Side effects of chemo are different for everyone. They vary based on the medicines you receive. Below is a list of the some of the most common side effects from chemo. Ask your child’s healthcare provider what side effects to watch for.
Hair loss. If your child has hair loss, his or her hair will usually grow back after the treatment stops.
Nausea and vomiting. This side effect can often be controlled with medicines. Ask your child's healthcare provider about it.
Mouth sores. Chemo can sometimes cause mouth sores. This might make it hard to eat or swallow. It's important to avoid foods and substances that could irritate your child's mouth.
Diarrhea. If your child has diarrhea, ask his or her healthcare provider about antidiarrheal medicines. You may also need to make changes to your child's diet.
Loss of appetite or changes in the way things taste. Talk to your child's healthcare provider if you find your child is having trouble eating or is losing weight. There are often ways to help.
Increased risk of infection. During chemo treatments, your child's white blood cell count may become low. This means his or her immune system won’t work as well as it usually does. It’s a good idea to avoid people who have illnesses that he or she could catch. It’s also a good idea to take extra precautions against cuts and scrapes that could become infected. Your child's healthcare provider will check his or her blood counts regularly during treatment. Be sure to let the healthcare provider know if your child has any signs of infection. Symptoms can include a fever, sore throat, a new cough, or burning during urination.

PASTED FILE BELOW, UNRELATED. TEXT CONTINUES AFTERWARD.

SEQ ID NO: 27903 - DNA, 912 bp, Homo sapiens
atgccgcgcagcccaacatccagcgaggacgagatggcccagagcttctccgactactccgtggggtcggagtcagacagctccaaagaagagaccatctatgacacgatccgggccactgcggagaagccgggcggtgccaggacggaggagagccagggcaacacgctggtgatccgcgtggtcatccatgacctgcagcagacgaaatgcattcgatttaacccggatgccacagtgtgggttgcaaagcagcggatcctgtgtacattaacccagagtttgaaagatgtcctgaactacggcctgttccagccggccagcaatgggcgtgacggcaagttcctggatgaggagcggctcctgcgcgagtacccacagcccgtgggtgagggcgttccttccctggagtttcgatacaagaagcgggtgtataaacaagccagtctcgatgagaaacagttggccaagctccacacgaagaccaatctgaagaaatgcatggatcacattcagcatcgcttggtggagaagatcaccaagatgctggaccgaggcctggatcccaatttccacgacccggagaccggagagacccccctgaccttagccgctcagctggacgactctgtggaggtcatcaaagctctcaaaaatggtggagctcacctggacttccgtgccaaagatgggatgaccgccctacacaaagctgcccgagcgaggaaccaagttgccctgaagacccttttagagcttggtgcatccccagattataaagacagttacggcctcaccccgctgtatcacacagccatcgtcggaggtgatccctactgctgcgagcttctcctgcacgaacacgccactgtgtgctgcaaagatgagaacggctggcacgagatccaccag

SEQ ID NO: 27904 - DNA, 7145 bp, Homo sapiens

Bleeding and bruising more easily. Chemo can also lower blood platelet counts. Platelets are needed to help the blood clot properly.
Fatigue. Your child may feel tired while getting chemo. This often goes away once treatment ends.
Some other side effects can also be seen with certain chemo medicines. For example:
Cyclophosphamide and ifosfamide can harm the bladder. This might cause problems with urination.
Vincristine can harm nerves. This may cause tingling and numbness, especially in the hands or feet.
Doxorubicin might damage muscles in the heart.
Some chemo medicines might affect your child's ability to have children later in life.
Some medicines can raise the risk of another cancer (especially leukemia) later in life.
It's important to know which medicines your child is taking. Write his or her medicines down, and ask the healthcare team how they work and what side effects they might have.
Talk with your child's healthcare providers about what signs to look for and when to call them. For example, chemo can make your child more likely to get infections. Make sure you know what number to call with questions. Is there a different number for evenings and weekends?
It may be helpful to keep a diary of your child's side effects. A written list will make it easier to remember your questions when you go to appointments. It will also make it easier for you to work with your child's healthcare team to make a plan to manage side effects.